How many golfers on the PGA tour would say yes to a Donald Trump invitation?

More than one-third of the Genesis Open field were asked that exact question...

Ernie Els, known as the Big Easy, created a little strife on social media this month by playing golf with US president Donald Trump and Japan’s prime minister, Shinzo Abe, at Trump National Golf Club in Jupiter.

As the PGA Tour moves this week to PGA National Resort and Spa, a six-mile drive from Trump National, it was natural to wonder: How many of Els’s peers on the tour, if extended the same invitation, would say yes?

At Riviera Country Club in Los Angeles last week, I asked more than one-third of the Genesis Open field that question, granting the respondents anonymity so they wouldn’t risk the wrath of their Twitter followers or, in the case of at least one pro, the fury of his wife. The players range in age from the early 20s to late 40s. They represent nine countries and make their homes in 14 American states, including four that voted overwhelmingly Democratic in last year’s presidential election.

Of the 56 players polled, 50 — or 89.3 percent — said they would play golf with Trump if asked. Only three said they would not. The remaining three declined to answer.


The results were hardly surprising. The clubhouses at PGA Tour stops have long trended Republican, and the sport’s target demographic — rich, mostly white men — is far different from the women, minorities, immigrants and Muslims who have at times been the most offended by the president’s statements and positions.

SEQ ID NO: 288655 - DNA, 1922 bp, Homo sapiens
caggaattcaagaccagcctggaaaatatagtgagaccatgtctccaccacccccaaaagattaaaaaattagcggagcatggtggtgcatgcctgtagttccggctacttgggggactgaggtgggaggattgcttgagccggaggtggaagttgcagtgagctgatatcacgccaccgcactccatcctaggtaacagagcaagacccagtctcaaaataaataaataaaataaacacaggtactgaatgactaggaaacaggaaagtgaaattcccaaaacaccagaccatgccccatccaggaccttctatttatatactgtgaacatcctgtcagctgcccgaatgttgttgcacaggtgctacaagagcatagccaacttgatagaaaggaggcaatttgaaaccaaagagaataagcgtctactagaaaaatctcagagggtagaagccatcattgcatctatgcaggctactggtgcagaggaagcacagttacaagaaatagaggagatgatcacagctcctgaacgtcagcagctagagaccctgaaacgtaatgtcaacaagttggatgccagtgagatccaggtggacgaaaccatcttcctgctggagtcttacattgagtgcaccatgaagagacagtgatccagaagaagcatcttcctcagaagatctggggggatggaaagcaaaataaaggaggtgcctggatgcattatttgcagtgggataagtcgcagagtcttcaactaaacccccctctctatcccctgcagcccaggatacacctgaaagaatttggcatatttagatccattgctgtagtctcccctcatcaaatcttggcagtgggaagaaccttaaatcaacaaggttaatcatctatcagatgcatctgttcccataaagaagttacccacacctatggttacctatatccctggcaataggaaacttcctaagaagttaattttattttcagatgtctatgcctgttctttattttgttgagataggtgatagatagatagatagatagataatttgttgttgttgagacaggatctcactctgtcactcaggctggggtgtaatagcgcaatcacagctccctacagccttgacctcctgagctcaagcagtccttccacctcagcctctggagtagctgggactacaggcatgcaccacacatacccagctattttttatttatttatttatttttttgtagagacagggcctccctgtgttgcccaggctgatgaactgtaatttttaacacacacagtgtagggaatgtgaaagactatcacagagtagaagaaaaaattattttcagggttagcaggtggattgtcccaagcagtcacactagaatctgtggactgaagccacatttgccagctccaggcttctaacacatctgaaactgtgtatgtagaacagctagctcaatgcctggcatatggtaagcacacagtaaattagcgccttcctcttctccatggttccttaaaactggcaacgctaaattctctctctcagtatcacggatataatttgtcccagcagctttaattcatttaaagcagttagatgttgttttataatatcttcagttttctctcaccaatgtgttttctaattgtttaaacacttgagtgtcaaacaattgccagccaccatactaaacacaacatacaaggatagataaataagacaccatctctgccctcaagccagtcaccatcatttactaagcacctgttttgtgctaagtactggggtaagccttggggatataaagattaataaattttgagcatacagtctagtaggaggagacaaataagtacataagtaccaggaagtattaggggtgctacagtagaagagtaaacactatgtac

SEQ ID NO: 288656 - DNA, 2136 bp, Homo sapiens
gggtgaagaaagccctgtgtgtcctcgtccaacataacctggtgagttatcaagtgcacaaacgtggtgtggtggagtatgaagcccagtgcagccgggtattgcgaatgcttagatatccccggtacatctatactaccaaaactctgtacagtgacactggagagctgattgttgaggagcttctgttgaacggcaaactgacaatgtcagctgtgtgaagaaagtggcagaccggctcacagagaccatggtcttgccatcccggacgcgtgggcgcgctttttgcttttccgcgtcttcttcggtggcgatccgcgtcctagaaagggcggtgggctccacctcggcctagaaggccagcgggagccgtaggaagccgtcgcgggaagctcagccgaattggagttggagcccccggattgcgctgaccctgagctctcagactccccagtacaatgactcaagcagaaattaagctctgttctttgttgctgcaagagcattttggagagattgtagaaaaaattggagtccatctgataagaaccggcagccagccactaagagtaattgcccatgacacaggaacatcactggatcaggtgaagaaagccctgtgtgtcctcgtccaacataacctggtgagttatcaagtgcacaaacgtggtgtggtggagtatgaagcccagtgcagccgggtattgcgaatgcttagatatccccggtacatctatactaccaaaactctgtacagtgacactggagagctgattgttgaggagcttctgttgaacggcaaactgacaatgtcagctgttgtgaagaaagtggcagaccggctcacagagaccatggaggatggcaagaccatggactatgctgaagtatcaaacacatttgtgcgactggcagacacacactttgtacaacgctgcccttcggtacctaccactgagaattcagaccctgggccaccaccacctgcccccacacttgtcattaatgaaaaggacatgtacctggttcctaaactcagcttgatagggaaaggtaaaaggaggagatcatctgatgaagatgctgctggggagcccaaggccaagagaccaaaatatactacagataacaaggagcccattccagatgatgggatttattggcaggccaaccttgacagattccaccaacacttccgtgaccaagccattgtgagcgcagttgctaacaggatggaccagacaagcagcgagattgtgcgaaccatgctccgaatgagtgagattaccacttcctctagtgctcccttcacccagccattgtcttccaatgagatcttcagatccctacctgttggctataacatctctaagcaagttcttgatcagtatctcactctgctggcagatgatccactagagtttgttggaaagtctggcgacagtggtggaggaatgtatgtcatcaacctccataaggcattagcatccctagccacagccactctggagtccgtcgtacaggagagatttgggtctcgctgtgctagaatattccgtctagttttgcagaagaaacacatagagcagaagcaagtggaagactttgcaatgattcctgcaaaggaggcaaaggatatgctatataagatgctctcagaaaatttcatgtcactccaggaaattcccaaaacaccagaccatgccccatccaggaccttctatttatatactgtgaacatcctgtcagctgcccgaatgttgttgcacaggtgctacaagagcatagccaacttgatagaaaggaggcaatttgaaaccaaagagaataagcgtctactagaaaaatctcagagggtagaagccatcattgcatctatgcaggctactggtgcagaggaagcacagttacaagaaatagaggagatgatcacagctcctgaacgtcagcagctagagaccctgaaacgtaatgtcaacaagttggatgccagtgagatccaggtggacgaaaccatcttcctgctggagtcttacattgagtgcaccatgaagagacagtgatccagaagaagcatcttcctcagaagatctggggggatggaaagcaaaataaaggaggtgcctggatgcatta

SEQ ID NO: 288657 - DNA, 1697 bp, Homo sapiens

Long before he was elected the country’s 45th president, Trump participated in tournament pro-ams on the men’s and women’s tours and made the game an integral part of his lifestyle and his businesses.

His presidency, at least so far, has been no different. But the current political climate is forcing many high-profile people who sometimes enter the White House’s orbit — celebrities, NFL players, even college basketball stars — to seriously consider the personal and public repercussions of accepting an invitation to engage with the president.

“I’m not silly to what’s going on,” said Els, who was born in South Africa. “I know this is probably the most polarising president of my time.”

He added, “Whether you agree or not, I felt it was a duty to play with the president when you get the call.”

Els, 47, is married with two teenage children, and lives in West Palm Beach. He is also a member of Trump’s golf club in Jupiter, which might have made him a logical recipient for an invitation: Els said he received his in a phone call from David Trout, the head professional at Trump National, asking if he would be interested in rounding out a foursome the next day that included the president.

Els, who was home because he had pulled out of that week’s PGA Tour event in Pebble Beach, California, with a stiff neck, said he was not going to pass up three hours of exclusive access to the leader of the free world.

"He is the president at the moment," Els said. "If it was Barack Obama, I would have played. If it was Hillary Clinton, I would have played."

Since the November election, Trump has played with at least one LPGA player, Lexi Thompson, and three former men's world No. 1s: Tiger Woods; Els; and Rory McIlroy of Northern Ireland, who has a home in Palm Beach Gardens and is recovering from a rib injury.

McIlroy played 18 holes with the president on Sunday at Trump International Golf Club in West Palm Beach, in a foursome that also included the former Yankees outfielder Paul O’Neill.